Back in 2006, when he was a loudmouthed skinny jeans-wearing teenager, Antoine Reed would often be harassed and, on occasion, even bloodied up by the local gang members in Matteson, the poverty-stricken, south-suburban Chicago neighborhood where he was raised. "Coming up it was a fight," the emcee better known as Sir Mikey Rocks, one half of the tastemaking Chicago hip-hop duo The Cool Kids, says looking back at the group's salad days. Back then, even as Chicago's art-school-educated Kanye West topped the pop charts, it was generally looked down upon to be rapping about the topics Rocks and his partner Evan "Chuck Inglish" Ingersoll preferred: bizarre, slightly nerdy ones like video games, fly haircuts, and Star Wars. "There was a lot of struggle and a lot of strife," Rocks says of The Cool Kids' come-up. "That shit wasn't all smiles and rainbows."
Rocks no longer has those sorts of concerns. That loose, goofy, self-empowering brand of hip-hop he and partner Inglish pioneered a decade ago—all 808s, minimal retro sonic and feel-good rhymes, dubbed at the time as "hipster hop"—is decidedly en vogue now. And their unorthodox decision back then to build a grassroots fanbase almost exclusively online? Now it's par for the course.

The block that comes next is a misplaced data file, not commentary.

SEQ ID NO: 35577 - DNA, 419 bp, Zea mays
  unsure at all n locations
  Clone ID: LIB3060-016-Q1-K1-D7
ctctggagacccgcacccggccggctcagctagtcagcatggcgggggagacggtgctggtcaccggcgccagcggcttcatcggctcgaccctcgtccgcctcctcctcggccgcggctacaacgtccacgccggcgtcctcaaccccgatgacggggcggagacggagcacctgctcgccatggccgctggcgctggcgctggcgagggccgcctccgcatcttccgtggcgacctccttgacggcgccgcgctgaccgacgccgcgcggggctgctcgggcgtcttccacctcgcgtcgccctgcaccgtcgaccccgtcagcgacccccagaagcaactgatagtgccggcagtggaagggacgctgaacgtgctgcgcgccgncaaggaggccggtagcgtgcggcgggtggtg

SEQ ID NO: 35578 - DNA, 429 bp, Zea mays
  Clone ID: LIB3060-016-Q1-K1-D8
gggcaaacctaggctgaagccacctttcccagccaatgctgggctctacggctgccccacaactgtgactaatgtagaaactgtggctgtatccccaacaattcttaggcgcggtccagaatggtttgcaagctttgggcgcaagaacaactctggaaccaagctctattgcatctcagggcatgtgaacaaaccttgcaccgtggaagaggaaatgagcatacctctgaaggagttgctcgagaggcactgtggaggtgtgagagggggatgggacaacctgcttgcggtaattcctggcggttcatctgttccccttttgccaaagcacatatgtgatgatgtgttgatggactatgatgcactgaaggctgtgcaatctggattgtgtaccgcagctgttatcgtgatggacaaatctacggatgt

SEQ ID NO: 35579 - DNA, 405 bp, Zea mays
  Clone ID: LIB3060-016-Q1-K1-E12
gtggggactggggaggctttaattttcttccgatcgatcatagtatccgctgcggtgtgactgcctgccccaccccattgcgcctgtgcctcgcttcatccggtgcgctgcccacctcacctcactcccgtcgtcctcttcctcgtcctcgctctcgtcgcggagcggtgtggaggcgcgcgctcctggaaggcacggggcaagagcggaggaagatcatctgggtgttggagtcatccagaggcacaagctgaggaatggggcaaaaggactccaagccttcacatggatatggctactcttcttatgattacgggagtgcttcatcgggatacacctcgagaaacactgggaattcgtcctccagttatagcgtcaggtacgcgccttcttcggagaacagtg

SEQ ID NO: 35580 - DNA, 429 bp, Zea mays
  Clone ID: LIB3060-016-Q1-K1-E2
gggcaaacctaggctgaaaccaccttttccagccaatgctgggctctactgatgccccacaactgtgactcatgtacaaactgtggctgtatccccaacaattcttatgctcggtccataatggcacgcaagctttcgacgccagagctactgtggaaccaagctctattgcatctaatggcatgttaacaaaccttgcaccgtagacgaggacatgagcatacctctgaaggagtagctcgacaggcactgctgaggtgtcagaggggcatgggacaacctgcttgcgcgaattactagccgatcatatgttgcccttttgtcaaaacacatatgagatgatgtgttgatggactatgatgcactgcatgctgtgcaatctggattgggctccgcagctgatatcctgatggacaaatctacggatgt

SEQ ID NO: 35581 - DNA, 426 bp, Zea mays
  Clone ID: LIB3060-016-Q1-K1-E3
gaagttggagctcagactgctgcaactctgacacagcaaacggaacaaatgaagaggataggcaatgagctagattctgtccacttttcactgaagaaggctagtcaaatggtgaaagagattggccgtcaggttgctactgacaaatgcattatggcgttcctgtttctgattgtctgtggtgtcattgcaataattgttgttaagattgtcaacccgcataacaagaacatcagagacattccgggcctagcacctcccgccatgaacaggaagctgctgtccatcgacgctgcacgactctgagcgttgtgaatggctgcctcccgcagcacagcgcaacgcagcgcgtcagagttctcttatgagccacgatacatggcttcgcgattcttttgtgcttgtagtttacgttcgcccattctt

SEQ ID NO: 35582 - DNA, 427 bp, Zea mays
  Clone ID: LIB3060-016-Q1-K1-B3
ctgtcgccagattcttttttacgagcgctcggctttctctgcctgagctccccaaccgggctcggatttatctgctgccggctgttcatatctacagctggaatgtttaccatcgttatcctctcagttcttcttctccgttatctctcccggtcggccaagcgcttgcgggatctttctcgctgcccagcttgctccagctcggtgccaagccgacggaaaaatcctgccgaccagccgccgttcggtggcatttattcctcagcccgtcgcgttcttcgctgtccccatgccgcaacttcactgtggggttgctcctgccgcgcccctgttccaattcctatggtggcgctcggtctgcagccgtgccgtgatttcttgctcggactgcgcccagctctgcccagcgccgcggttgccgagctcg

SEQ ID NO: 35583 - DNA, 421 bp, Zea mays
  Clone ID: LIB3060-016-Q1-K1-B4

On a recent fall afternoon, however, Rocks has a different sort of problem to contend with. "Let's all just be cool," the rapper, wearing a coral pink jean jacket, white t-shirt and a Cleveland Indians baseball cap, says, suddenly tense. He momentarily takes a break from his lunch at a touristy seafood restaurant on Chicago's Navy Pier to survey the situation. There before him floats a bumblebee. And damn if the little dude isn't circling the rapper's crab cake sandwich right now. "Clap his ass!" Inglish, the more boisterous and wisecracking of the two musicians, dressed in all black, yells back at his longtime collaborator. He's unable to hide his palpable glee at his typically blasé partner's sudden uneasiness. "No, don't clap him!" Rocks snaps back. "He might spaz out. They smell fear. Let's just be cool."